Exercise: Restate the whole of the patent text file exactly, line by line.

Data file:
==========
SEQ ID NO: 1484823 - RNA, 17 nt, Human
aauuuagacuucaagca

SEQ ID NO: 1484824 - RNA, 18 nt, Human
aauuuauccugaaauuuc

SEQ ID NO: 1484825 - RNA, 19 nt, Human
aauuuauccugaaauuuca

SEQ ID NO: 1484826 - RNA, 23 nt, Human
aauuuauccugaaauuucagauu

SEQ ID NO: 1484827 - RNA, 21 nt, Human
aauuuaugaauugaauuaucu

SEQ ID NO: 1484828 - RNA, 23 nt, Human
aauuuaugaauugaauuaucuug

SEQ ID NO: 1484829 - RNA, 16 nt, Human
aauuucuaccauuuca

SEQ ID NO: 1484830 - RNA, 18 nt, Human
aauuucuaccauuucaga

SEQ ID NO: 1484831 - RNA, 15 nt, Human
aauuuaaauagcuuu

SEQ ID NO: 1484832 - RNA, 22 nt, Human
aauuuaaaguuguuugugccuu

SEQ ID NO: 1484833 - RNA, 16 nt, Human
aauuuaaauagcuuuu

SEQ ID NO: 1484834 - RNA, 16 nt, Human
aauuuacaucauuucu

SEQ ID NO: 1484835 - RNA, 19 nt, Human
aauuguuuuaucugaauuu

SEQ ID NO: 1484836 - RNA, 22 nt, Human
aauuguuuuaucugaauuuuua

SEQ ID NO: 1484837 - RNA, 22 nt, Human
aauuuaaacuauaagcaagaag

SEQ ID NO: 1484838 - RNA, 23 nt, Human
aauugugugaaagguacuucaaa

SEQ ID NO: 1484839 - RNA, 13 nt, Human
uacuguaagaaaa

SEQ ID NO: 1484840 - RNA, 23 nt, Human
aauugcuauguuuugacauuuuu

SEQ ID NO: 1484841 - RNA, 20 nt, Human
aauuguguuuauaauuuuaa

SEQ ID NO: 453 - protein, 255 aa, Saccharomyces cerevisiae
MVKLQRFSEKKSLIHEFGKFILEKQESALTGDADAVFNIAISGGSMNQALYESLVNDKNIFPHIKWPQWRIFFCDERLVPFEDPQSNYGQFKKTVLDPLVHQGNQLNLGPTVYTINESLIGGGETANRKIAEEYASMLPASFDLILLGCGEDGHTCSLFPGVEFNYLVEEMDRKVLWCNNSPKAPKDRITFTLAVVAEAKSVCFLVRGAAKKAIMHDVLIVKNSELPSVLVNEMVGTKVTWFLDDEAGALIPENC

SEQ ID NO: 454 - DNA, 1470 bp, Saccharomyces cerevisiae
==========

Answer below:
SEQ ID NO: 1484823 - RNA, 17 nt, Human
aauuuagacuucaagca

SEQ ID NO: 1484824 - RNA, 18 nt, Human
aauuuauccugaaauuuc

SEQ ID NO: 1484825 - RNA, 19 nt, Human
aauuuauccugaaauuuca

SEQ ID NO: 1484826 - RNA, 23 nt, Human
aauuuauccugaaauuucagauu

SEQ ID NO: 1484827 - RNA, 21 nt, Human
aauuuaugaauugaauuaucu

SEQ ID NO: 1484828 - RNA, 23 nt, Human
aauuuaugaauugaauuaucuug

SEQ ID NO: 1484829 - RNA, 16 nt, Human
aauuucuaccauuuca

SEQ ID NO: 1484830 - RNA, 18 nt, Human
aauuucuaccauuucaga

SEQ ID NO: 1484831 - RNA, 15 nt, Human
aauuuaaauagcuuu

SEQ ID NO: 1484832 - RNA, 22 nt, Human
aauuuaaaguuguuugugccuu

SEQ ID NO: 1484833 - RNA, 16 nt, Human
aauuuaaauagcuuuu

SEQ ID NO: 1484834 - RNA, 16 nt, Human
aauuuacaucauuucu

SEQ ID NO: 1484835 - RNA, 19 nt, Human
aauuguuuuaucugaauuu

SEQ ID NO: 1484836 - RNA, 22 nt, Human
aauuguuuuaucugaauuuuua

SEQ ID NO: 1484837 - RNA, 22 nt, Human
aauuuaaacuauaagcaagaag

SEQ ID NO: 1484838 - RNA, 23 nt, Human
aauugugugaaagguacuucaaa

SEQ ID NO: 1484839 - RNA, 13 nt, Human
uacuguaagaaaa

SEQ ID NO: 1484840 - RNA, 23 nt, Human
aauugcuauguuuugacauuuuu

SEQ ID NO: 1484841 - RNA, 20 nt, Human
aauuguguuuauaauuuuaa

SEQ ID NO: 453 - protein, 255 aa, Saccharomyces cerevisiae
MVKLQRFSEKKSLIHEFGKFILEKQESALTGDADAVFNIAISGGSMNQALYESLVNDKNIFPHIKWPQWRIFFCDERLVPFEDPQSNYGQFKKTVLDPLVHQGNQLNLGPTVYTINESLIGGGETANRKIAEEYASMLPASFDLILLGCGEDGHTCSLFPGVEFNYLVEEMDRKVLWCNNSPKAPKDRITFTLAVVAEAKSVCFLVRGAAKKAIMHDVLIVKNSELPSVLVNEMVGTKVTWFLDDEAGALIPENC

SEQ ID NO: 454 - DNA, 1470 bp, Saccharomyces cerevisiae